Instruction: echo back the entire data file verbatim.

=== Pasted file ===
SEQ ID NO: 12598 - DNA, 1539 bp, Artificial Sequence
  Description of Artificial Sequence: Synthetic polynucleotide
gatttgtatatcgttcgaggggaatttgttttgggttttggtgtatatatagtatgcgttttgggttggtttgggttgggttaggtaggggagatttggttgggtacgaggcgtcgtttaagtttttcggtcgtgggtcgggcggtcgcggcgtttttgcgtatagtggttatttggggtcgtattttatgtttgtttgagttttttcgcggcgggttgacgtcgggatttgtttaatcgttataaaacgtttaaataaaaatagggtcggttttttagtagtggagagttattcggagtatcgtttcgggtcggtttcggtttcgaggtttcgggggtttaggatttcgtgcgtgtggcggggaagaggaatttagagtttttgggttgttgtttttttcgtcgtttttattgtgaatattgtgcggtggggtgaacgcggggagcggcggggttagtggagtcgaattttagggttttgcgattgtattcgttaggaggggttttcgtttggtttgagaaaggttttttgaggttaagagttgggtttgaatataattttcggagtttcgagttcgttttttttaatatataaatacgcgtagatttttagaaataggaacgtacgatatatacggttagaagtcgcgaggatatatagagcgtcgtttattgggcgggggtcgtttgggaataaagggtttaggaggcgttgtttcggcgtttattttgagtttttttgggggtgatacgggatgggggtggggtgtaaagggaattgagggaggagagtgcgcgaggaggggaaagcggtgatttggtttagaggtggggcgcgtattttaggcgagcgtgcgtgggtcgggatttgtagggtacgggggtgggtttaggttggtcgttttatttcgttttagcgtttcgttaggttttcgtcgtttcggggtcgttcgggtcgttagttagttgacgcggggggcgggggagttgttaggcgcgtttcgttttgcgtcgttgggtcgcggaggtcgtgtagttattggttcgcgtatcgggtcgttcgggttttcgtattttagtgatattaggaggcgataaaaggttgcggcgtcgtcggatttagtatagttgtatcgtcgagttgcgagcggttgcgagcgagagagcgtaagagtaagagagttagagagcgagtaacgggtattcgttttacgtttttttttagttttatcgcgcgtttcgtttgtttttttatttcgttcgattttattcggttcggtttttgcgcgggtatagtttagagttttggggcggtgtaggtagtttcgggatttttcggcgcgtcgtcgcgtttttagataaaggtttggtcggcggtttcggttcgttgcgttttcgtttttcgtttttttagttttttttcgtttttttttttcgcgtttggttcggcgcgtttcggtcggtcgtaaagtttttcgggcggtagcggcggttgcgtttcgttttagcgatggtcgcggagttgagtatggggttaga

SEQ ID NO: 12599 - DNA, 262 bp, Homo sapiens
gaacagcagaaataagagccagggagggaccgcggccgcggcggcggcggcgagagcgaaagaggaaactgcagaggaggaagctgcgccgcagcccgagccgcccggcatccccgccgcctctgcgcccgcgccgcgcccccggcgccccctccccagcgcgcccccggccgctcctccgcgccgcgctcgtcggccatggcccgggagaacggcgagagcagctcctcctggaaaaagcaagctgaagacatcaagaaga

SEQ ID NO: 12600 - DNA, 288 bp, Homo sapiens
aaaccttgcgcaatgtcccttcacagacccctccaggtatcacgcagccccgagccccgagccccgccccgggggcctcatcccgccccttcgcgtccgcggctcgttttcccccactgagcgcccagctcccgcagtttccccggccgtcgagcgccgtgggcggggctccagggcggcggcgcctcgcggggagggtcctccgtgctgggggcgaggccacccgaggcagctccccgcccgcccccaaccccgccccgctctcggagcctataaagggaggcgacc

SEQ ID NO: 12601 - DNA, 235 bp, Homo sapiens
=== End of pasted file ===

SEQ ID NO: 12598 - DNA, 1539 bp, Artificial Sequence
  Description of Artificial Sequence: Synthetic polynucleotide
gatttgtatatcgttcgaggggaatttgttttgggttttggtgtatatatagtatgcgttttgggttggtttgggttgggttaggtaggggagatttggttgggtacgaggcgtcgtttaagtttttcggtcgtgggtcgggcggtcgcggcgtttttgcgtatagtggttatttggggtcgtattttatgtttgtttgagttttttcgcggcgggttgacgtcgggatttgtttaatcgttataaaacgtttaaataaaaatagggtcggttttttagtagtggagagttattcggagtatcgtttcgggtcggtttcggtttcgaggtttcgggggtttaggatttcgtgcgtgtggcggggaagaggaatttagagtttttgggttgttgtttttttcgtcgtttttattgtgaatattgtgcggtggggtgaacgcggggagcggcggggttagtggagtcgaattttagggttttgcgattgtattcgttaggaggggttttcgtttggtttgagaaaggttttttgaggttaagagttgggtttgaatataattttcggagtttcgagttcgttttttttaatatataaatacgcgtagatttttagaaataggaacgtacgatatatacggttagaagtcgcgaggatatatagagcgtcgtttattgggcgggggtcgtttgggaataaagggtttaggaggcgttgtttcggcgtttattttgagtttttttgggggtgatacgggatgggggtggggtgtaaagggaattgagggaggagagtgcgcgaggaggggaaagcggtgatttggtttagaggtggggcgcgtattttaggcgagcgtgcgtgggtcgggatttgtagggtacgggggtgggtttaggttggtcgttttatttcgttttagcgtttcgttaggttttcgtcgtttcggggtcgttcgggtcgttagttagttgacgcggggggcgggggagttgttaggcgcgtttcgttttgcgtcgttgggtcgcggaggtcgtgtagttattggttcgcgtatcgggtcgttcgggttttcgtattttagtgatattaggaggcgataaaaggttgcggcgtcgtcggatttagtatagttgtatcgtcgagttgcgagcggttgcgagcgagagagcgtaagagtaagagagttagagagcgagtaacgggtattcgttttacgtttttttttagttttatcgcgcgtttcgtttgtttttttatttcgttcgattttattcggttcggtttttgcgcgggtatagtttagagttttggggcggtgtaggtagtttcgggatttttcggcgcgtcgtcgcgtttttagataaaggtttggtcggcggtttcggttcgttgcgttttcgtttttcgtttttttagttttttttcgtttttttttttcgcgtttggttcggcgcgtttcggtcggtcgtaaagtttttcgggcggtagcggcggttgcgtttcgttttagcgatggtcgcggagttgagtatggggttaga

SEQ ID NO: 12599 - DNA, 262 bp, Homo sapiens
gaacagcagaaataagagccagggagggaccgcggccgcggcggcggcggcgagagcgaaagaggaaactgcagaggaggaagctgcgccgcagcccgagccgcccggcatccccgccgcctctgcgcccgcgccgcgcccccggcgccccctccccagcgcgcccccggccgctcctccgcgccgcgctcgtcggccatggcccgggagaacggcgagagcagctcctcctggaaaaagcaagctgaagacatcaagaaga

SEQ ID NO: 12600 - DNA, 288 bp, Homo sapiens
aaaccttgcgcaatgtcccttcacagacccctccaggtatcacgcagccccgagccccgagccccgccccgggggcctcatcccgccccttcgcgtccgcggctcgttttcccccactgagcgcccagctcccgcagtttccccggccgtcgagcgccgtgggcggggctccagggcggcggcgcctcgcggggagggtcctccgtgctgggggcgaggccacccgaggcagctccccgcccgcccccaaccccgccccgctctcggagcctataaagggaggcgacc

SEQ ID NO: 12601 - DNA, 235 bp, Homo sapiens